Home | Field studies and notes | Has Anyone Observed This?….. Madagascar and Standing’s Day Geckos (Phelsuma madagascariensis grandis, P. m. madagascariensis, P. standingi) maintain excellent health and reproduce without a UVB source

Has Anyone Observed This?….. Madagascar and Standing’s Day Geckos (Phelsuma madagascariensis grandis, P. m. madagascariensis, P. standingi) maintain excellent health and reproduce without a UVB source

It is well known that many species of lizard, turtle and crocodilian require ultraviolet light of a specific wavelength (290-310 nanometers) in order to synthesize Vitamin D3.  This vitamin, in turn, allows the reptiles to make use of the calcium in their diets.  Such reptiles (which generally bask in the sun in the wild) develop calcium deficiencies and a host of related problems if denied UVB in captivity.  This occurs despite their being offered a diet high in calcium.

Day geckos of the genus Phelsuma seem to require quite high levels of UVB in captivity.  Several species, and gravid females in particular, develop bulging “chalk sacs” (calcium stores) behind the head, and are quick to succumb to health problems in the absence of UVB.

Some years ago, however, I observed a situation that caused me to question what I knew, or thougMadagascar Giant Day Geckoht I knew, about this subject.  A number of Madagascar, Madagascar Giant and Standing’s Day Geckos were released into a densely-planted indoor “rainforest” in NYC’s Central Park Zoo.  The lizards thrived and reproduced, and, when last I checked, had been doing so for several generations.  Animals that are captured from time to time exhibit excellent bone density and overall good health, despite the fact that they have no access to natural or artificial UVB.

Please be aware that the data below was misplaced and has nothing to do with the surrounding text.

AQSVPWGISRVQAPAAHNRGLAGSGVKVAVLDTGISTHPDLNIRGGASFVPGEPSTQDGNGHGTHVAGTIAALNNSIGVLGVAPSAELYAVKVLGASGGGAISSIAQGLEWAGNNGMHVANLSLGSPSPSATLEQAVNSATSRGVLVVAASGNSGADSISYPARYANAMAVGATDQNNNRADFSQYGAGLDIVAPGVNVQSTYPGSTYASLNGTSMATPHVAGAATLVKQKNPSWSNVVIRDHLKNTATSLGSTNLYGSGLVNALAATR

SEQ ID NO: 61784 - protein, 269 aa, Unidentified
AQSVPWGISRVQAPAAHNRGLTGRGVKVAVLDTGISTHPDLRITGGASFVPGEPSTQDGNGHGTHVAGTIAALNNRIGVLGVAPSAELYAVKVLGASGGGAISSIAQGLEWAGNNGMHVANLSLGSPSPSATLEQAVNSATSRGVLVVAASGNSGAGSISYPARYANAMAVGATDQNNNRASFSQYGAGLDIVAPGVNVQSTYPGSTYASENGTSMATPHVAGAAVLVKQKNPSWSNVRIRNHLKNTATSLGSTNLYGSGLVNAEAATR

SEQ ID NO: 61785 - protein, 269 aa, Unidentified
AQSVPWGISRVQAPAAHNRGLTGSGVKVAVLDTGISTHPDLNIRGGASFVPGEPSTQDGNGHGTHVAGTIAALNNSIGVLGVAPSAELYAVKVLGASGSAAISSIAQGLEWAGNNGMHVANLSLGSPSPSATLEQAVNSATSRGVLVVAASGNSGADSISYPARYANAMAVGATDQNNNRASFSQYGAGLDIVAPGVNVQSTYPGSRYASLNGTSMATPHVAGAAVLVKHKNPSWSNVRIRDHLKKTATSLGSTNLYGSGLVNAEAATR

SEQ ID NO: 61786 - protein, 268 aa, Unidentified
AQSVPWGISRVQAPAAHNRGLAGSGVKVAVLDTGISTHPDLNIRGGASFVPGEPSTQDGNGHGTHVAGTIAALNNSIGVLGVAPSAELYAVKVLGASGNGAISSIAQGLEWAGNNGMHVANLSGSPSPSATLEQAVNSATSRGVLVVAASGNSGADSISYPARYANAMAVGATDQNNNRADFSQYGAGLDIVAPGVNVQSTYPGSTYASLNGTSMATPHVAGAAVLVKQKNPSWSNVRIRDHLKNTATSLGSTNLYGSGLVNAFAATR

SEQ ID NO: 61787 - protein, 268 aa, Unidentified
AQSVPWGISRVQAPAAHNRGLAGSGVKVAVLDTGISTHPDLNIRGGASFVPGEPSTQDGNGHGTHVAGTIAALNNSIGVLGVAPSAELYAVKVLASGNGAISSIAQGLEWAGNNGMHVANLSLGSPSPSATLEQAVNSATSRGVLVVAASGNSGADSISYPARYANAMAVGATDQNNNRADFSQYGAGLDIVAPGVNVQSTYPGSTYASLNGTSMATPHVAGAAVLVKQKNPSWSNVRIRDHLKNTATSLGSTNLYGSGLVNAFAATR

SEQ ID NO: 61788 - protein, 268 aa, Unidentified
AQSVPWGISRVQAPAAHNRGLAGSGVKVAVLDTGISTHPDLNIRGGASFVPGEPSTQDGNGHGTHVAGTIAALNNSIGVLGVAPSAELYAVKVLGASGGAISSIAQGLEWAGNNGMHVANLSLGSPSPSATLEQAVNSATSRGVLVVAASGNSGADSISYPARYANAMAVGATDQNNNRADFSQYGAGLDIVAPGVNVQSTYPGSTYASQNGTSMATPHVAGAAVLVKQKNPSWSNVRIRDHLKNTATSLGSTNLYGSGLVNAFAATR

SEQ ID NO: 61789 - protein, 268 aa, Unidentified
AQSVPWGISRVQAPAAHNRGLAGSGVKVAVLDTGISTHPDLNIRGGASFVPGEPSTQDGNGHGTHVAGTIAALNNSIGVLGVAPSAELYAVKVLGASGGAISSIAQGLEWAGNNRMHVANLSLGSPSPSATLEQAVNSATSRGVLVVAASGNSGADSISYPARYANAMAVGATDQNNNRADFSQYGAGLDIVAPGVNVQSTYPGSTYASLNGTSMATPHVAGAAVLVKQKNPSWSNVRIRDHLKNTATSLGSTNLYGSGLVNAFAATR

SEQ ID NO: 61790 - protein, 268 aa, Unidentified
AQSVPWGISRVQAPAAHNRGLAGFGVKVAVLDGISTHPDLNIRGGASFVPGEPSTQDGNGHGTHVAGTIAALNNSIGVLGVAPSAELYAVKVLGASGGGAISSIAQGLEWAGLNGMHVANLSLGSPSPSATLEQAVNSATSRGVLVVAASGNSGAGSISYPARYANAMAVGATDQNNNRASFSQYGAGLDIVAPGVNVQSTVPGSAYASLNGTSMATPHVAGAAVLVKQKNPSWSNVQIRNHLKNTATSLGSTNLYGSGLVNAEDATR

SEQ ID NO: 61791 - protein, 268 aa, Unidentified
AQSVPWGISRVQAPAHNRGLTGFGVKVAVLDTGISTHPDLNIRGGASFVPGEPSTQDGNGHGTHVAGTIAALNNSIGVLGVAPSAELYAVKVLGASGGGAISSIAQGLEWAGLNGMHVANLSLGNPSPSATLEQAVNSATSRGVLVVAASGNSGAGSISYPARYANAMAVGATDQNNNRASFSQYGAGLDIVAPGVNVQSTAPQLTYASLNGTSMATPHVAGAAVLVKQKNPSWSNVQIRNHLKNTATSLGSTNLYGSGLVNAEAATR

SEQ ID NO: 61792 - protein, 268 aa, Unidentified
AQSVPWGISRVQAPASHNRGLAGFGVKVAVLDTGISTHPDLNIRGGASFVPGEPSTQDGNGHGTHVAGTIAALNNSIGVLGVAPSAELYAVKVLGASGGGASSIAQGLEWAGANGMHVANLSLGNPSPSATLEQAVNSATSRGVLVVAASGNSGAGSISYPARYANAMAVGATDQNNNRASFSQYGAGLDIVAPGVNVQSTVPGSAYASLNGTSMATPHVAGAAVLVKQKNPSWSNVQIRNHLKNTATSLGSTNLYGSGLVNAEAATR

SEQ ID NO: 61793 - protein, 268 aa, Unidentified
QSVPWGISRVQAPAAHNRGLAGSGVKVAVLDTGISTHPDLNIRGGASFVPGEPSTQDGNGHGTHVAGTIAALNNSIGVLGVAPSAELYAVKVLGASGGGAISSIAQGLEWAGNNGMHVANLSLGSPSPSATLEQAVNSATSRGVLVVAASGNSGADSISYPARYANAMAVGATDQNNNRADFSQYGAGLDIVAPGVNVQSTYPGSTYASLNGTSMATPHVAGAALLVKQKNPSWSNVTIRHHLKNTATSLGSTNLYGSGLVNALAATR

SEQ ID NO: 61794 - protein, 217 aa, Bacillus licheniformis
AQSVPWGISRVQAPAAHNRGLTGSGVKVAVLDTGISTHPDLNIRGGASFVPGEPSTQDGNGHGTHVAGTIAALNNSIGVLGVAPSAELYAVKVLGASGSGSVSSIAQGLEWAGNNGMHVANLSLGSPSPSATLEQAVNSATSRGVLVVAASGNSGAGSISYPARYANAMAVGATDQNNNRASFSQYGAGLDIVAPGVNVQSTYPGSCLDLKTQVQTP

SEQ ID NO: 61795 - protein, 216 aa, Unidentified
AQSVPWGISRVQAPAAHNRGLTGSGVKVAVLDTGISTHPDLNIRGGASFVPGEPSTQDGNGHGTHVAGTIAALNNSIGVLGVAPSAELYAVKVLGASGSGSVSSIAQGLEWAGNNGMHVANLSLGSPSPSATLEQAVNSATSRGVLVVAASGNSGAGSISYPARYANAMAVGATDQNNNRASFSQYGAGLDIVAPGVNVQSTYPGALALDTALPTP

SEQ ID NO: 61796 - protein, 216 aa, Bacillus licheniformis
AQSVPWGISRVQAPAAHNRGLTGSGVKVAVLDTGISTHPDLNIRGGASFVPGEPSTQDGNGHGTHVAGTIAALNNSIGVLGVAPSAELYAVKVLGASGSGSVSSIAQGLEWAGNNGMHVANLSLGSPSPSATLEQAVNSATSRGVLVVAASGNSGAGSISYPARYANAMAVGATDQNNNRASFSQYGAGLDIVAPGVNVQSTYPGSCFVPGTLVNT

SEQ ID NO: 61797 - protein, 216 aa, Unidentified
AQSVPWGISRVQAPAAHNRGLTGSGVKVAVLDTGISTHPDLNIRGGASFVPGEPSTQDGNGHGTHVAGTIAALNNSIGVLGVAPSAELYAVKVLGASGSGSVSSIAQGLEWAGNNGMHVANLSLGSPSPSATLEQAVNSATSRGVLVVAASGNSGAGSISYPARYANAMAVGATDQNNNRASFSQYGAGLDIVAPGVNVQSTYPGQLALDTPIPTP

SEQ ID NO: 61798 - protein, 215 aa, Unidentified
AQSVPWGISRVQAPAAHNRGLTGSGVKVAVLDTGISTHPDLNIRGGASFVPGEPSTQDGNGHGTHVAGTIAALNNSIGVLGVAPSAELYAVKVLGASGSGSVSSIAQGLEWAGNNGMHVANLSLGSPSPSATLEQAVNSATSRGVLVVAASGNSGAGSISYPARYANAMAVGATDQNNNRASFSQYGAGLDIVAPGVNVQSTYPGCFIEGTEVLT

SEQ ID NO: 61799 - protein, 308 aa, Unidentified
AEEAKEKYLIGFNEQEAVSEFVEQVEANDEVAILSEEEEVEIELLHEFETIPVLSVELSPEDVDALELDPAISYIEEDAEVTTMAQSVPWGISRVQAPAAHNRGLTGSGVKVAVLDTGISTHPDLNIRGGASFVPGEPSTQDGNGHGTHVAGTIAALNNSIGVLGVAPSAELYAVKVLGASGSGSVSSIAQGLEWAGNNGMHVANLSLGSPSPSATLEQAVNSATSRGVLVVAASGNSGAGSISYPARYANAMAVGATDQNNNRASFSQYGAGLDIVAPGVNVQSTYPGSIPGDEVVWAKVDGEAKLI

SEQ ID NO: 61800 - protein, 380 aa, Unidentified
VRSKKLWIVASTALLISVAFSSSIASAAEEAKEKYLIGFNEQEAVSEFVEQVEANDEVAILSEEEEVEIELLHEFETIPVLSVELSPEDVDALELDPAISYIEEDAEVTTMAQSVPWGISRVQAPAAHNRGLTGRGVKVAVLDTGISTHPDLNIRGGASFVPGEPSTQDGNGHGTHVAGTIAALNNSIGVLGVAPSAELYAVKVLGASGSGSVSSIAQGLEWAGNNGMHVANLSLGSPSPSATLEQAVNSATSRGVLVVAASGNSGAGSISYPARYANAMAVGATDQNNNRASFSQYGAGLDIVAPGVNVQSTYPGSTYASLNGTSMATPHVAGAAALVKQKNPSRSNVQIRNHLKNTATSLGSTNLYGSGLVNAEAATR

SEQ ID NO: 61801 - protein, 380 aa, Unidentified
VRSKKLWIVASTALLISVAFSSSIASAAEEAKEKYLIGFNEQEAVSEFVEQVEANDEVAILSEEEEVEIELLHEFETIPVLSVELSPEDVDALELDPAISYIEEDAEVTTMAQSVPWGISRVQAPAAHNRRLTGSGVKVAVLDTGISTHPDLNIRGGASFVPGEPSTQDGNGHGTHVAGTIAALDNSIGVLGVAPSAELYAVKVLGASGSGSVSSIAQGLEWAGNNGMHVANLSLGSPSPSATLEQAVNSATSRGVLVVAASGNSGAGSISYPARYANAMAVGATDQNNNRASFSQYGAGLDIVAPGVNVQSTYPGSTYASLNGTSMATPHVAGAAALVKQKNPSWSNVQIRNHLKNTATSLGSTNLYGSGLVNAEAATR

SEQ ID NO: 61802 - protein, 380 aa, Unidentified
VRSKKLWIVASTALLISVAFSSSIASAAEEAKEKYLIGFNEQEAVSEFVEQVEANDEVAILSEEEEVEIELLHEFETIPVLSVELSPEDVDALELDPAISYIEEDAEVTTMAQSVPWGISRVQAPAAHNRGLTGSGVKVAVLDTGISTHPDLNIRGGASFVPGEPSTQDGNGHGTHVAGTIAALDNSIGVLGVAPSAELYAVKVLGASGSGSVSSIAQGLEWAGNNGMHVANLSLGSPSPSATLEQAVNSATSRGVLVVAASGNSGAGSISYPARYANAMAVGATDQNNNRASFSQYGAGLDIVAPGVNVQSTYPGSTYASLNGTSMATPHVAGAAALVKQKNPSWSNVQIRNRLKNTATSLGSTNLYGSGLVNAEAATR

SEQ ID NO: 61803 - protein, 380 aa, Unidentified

The aviary in which they live supports a wide variety of spiders, beetles, roaches, sow bugs and other invertebrates, as well as nectar and fruit producing plants.  I imagine that the lizards, amid this banquet, have found a source of calcium that is usable in the absence of UVB, or D3 that can be absorbed from the diet.  I will keep you posted as to further developments.

I have since spoken with lizard-keepers who maintain day geckos without UVB.  However, as we know little of the interaction between calcium, phosphorus and Vitamin D3 in these animals, a good deal of experimentation is needed, and the results are spotty.  The lizards at the Central Park Zoo are the most robust I’ve seen, and the population has remained so for 15 years or more at this point.

Red-eared Sliders, Chrysemys picta elegans, also suffer from calcium deficiencies if unable to bask under a UVB source – yet I know of a number of instances in which perfectly formed specimens were raised without such.  Again, I can only guess as to the explanation.

I tend to encourage dietary variety in my nutrition articles, due in part to experiences such as described above.  We really know very little about many common reptiles and amphibians, especially concerning nutrition.  I would greatly appreciate hearing about experiences you may have had – good or bad – regarding UVB light and diet.  I’ll be sure to pass along your observations in future articles.  Thanks, until next time, Frank.

The abstract of an article about Zoo Zurich’s “free-ranging” colony of Madagascar Giant Day Geckos is posted at:

http://www3.interscience.wiley.com/journal/112731133/abstract?CRETRY=1&SRETRY=0

14 comments

  1. avatar

    I think Ed Kowalski(sp.) said that anoles and other lizards traditionally thought to need UVB can be kept and bred as long as they are supplied calcium with vitamin D3 added.

    This requirement for UV light has been the main reason I’ve stayed away from reptiles. I can’t out of good conscience replace expensive light bulbs every few months when they look perfectly fine to the naked eye!

  2. avatar

    Hello, Frank Indiviglio here. Thanks for your interest in our blog.

    Yes, some anole species can be kept without UVB if careful attention is paid to the diet….and you can rely completely on anything you learn from Ed Kowalski.

    I know of a pair of knight anoles that did very well and bred under conditions I would normally consider less than ideal. Their diet included, among other things, 3 species of roach and an occasional Carolina anole, along with super mealworm beetles, and a nectar-fruit mix with vitamins. They were adults when put into the situation, so UVB might have been less of a concern, but still noteworthy I believe.